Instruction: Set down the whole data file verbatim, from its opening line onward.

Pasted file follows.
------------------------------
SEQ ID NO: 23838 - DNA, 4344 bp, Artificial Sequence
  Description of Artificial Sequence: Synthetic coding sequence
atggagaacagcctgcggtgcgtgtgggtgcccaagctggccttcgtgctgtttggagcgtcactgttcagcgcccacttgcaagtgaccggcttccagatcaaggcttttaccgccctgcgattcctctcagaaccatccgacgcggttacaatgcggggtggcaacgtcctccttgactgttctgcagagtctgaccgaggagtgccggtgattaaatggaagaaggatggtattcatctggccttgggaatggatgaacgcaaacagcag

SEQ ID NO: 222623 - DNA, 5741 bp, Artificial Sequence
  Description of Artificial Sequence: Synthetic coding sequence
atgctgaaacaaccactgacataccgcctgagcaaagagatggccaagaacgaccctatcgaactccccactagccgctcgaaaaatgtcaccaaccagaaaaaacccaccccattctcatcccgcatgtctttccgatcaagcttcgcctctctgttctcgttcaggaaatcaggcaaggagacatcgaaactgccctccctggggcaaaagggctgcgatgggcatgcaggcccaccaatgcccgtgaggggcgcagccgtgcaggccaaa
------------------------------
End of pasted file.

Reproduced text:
SEQ ID NO: 23838 - DNA, 4344 bp, Artificial Sequence
  Description of Artificial Sequence: Synthetic coding sequence
atggagaacagcctgcggtgcgtgtgggtgcccaagctggccttcgtgctgtttggagcgtcactgttcagcgcccacttgcaagtgaccggcttccagatcaaggcttttaccgccctgcgattcctctcagaaccatccgacgcggttacaatgcggggtggcaacgtcctccttgactgttctgcagagtctgaccgaggagtgccggtgattaaatggaagaaggatggtattcatctggccttgggaatggatgaacgcaaacagcag

SEQ ID NO: 222623 - DNA, 5741 bp, Artificial Sequence
  Description of Artificial Sequence: Synthetic coding sequence
atgctgaaacaaccactgacataccgcctgagcaaagagatggccaagaacgaccctatcgaactccccactagccgctcgaaaaatgtcaccaaccagaaaaaacccaccccattctcatcccgcatgtctttccgatcaagcttcgcctctctgttctcgttcaggaaatcaggcaaggagacatcgaaactgccctccctggggcaaaagggctgcgatgggcatgcaggcccaccaatgcccgtgaggggcgcagccgtgcaggccaaa